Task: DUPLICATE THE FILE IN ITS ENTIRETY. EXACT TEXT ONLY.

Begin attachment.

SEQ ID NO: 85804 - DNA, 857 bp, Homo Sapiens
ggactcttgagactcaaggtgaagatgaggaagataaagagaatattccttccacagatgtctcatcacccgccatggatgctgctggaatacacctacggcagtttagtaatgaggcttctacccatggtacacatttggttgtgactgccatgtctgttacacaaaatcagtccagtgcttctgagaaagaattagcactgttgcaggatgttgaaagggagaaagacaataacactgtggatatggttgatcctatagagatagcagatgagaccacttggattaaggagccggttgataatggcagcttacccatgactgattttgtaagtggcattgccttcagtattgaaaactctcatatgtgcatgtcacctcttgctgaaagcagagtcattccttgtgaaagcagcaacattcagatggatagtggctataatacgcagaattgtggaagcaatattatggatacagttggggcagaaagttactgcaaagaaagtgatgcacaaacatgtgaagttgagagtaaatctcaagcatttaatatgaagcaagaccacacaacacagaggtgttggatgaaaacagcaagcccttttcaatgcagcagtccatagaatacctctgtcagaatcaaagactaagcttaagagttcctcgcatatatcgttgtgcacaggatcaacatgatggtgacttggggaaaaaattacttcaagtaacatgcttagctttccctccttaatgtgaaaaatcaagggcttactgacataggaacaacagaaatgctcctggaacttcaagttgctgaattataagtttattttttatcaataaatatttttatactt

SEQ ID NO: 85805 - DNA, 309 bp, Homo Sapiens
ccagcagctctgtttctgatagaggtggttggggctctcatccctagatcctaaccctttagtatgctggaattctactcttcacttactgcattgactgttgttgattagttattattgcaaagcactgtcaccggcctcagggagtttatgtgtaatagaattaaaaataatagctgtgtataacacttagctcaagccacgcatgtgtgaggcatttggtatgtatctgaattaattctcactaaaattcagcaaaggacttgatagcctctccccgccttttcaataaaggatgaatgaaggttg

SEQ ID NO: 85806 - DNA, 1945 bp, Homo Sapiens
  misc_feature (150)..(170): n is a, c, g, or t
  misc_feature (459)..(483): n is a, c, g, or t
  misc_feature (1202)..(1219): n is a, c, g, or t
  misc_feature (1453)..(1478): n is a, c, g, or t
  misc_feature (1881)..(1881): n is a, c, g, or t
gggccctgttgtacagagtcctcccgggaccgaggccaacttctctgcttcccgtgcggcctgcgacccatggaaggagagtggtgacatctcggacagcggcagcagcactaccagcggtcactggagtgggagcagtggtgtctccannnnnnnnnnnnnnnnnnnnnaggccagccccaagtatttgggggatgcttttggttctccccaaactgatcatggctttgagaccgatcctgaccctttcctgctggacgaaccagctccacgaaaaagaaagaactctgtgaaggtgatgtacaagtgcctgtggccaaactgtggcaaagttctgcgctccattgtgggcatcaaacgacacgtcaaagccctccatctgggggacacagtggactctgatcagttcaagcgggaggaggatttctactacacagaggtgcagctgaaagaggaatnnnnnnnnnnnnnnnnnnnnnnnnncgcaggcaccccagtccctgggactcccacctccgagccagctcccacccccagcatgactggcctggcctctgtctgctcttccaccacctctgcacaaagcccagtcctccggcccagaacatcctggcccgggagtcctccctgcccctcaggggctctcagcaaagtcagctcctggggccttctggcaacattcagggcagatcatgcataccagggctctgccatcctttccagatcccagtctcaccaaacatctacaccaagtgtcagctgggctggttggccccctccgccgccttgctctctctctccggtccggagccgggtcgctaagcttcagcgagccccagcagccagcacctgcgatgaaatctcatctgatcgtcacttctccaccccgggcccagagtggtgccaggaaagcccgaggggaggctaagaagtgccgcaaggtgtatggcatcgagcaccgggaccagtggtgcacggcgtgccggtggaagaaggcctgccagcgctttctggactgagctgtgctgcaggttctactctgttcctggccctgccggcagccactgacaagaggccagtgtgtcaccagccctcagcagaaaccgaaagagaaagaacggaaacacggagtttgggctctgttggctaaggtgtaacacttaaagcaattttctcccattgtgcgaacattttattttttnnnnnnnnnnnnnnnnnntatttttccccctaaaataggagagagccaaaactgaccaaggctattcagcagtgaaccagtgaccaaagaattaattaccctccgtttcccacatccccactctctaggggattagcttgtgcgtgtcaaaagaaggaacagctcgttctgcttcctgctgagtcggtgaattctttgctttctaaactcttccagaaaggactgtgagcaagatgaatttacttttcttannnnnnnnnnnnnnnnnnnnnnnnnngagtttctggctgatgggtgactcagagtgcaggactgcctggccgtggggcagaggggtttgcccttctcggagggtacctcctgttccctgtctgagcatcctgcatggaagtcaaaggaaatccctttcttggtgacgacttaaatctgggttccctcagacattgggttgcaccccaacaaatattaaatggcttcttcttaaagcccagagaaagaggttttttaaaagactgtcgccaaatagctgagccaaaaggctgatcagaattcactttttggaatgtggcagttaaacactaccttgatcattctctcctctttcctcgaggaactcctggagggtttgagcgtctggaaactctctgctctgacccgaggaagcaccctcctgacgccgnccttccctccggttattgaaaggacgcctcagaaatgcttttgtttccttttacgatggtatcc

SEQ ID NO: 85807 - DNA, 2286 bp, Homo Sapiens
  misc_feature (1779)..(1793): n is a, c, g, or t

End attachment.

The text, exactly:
SEQ ID NO: 85804 - DNA, 857 bp, Homo Sapiens
ggactcttgagactcaaggtgaagatgaggaagataaagagaatattccttccacagatgtctcatcacccgccatggatgctgctggaatacacctacggcagtttagtaatgaggcttctacccatggtacacatttggttgtgactgccatgtctgttacacaaaatcagtccagtgcttctgagaaagaattagcactgttgcaggatgttgaaagggagaaagacaataacactgtggatatggttgatcctatagagatagcagatgagaccacttggattaaggagccggttgataatggcagcttacccatgactgattttgtaagtggcattgccttcagtattgaaaactctcatatgtgcatgtcacctcttgctgaaagcagagtcattccttgtgaaagcagcaacattcagatggatagtggctataatacgcagaattgtggaagcaatattatggatacagttggggcagaaagttactgcaaagaaagtgatgcacaaacatgtgaagttgagagtaaatctcaagcatttaatatgaagcaagaccacacaacacagaggtgttggatgaaaacagcaagcccttttcaatgcagcagtccatagaatacctctgtcagaatcaaagactaagcttaagagttcctcgcatatatcgttgtgcacaggatcaacatgatggtgacttggggaaaaaattacttcaagtaacatgcttagctttccctccttaatgtgaaaaatcaagggcttactgacataggaacaacagaaatgctcctggaacttcaagttgctgaattataagtttattttttatcaataaatatttttatactt

SEQ ID NO: 85805 - DNA, 309 bp, Homo Sapiens
ccagcagctctgtttctgatagaggtggttggggctctcatccctagatcctaaccctttagtatgctggaattctactcttcacttactgcattgactgttgttgattagttattattgcaaagcactgtcaccggcctcagggagtttatgtgtaatagaattaaaaataatagctgtgtataacacttagctcaagccacgcatgtgtgaggcatttggtatgtatctgaattaattctcactaaaattcagcaaaggacttgatagcctctccccgccttttcaataaaggatgaatgaaggttg

SEQ ID NO: 85806 - DNA, 1945 bp, Homo Sapiens
  misc_feature (150)..(170): n is a, c, g, or t
  misc_feature (459)..(483): n is a, c, g, or t
  misc_feature (1202)..(1219): n is a, c, g, or t
  misc_feature (1453)..(1478): n is a, c, g, or t
  misc_feature (1881)..(1881): n is a, c, g, or t
gggccctgttgtacagagtcctcccgggaccgaggccaacttctctgcttcccgtgcggcctgcgacccatggaaggagagtggtgacatctcggacagcggcagcagcactaccagcggtcactggagtgggagcagtggtgtctccannnnnnnnnnnnnnnnnnnnnaggccagccccaagtatttgggggatgcttttggttctccccaaactgatcatggctttgagaccgatcctgaccctttcctgctggacgaaccagctccacgaaaaagaaagaactctgtgaaggtgatgtacaagtgcctgtggccaaactgtggcaaagttctgcgctccattgtgggcatcaaacgacacgtcaaagccctccatctgggggacacagtggactctgatcagttcaagcgggaggaggatttctactacacagaggtgcagctgaaagaggaatnnnnnnnnnnnnnnnnnnnnnnnnncgcaggcaccccagtccctgggactcccacctccgagccagctcccacccccagcatgactggcctggcctctgtctgctcttccaccacctctgcacaaagcccagtcctccggcccagaacatcctggcccgggagtcctccctgcccctcaggggctctcagcaaagtcagctcctggggccttctggcaacattcagggcagatcatgcataccagggctctgccatcctttccagatcccagtctcaccaaacatctacaccaagtgtcagctgggctggttggccccctccgccgccttgctctctctctccggtccggagccgggtcgctaagcttcagcgagccccagcagccagcacctgcgatgaaatctcatctgatcgtcacttctccaccccgggcccagagtggtgccaggaaagcccgaggggaggctaagaagtgccgcaaggtgtatggcatcgagcaccgggaccagtggtgcacggcgtgccggtggaagaaggcctgccagcgctttctggactgagctgtgctgcaggttctactctgttcctggccctgccggcagccactgacaagaggccagtgtgtcaccagccctcagcagaaaccgaaagagaaagaacggaaacacggagtttgggctctgttggctaaggtgtaacacttaaagcaattttctcccattgtgcgaacattttattttttnnnnnnnnnnnnnnnnnntatttttccccctaaaataggagagagccaaaactgaccaaggctattcagcagtgaaccagtgaccaaagaattaattaccctccgtttcccacatccccactctctaggggattagcttgtgcgtgtcaaaagaaggaacagctcgttctgcttcctgctgagtcggtgaattctttgctttctaaactcttccagaaaggactgtgagcaagatgaatttacttttcttannnnnnnnnnnnnnnnnnnnnnnnnngagtttctggctgatgggtgactcagagtgcaggactgcctggccgtggggcagaggggtttgcccttctcggagggtacctcctgttccctgtctgagcatcctgcatggaagtcaaaggaaatccctttcttggtgacgacttaaatctgggttccctcagacattgggttgcaccccaacaaatattaaatggcttcttcttaaagcccagagaaagaggttttttaaaagactgtcgccaaatagctgagccaaaaggctgatcagaattcactttttggaatgtggcagttaaacactaccttgatcattctctcctctttcctcgaggaactcctggagggtttgagcgtctggaaactctctgctctgacccgaggaagcaccctcctgacgccgnccttccctccggttattgaaaggacgcctcagaaatgcttttgtttccttttacgatggtatcc

SEQ ID NO: 85807 - DNA, 2286 bp, Homo Sapiens
  misc_feature (1779)..(1793): n is a, c, g, or t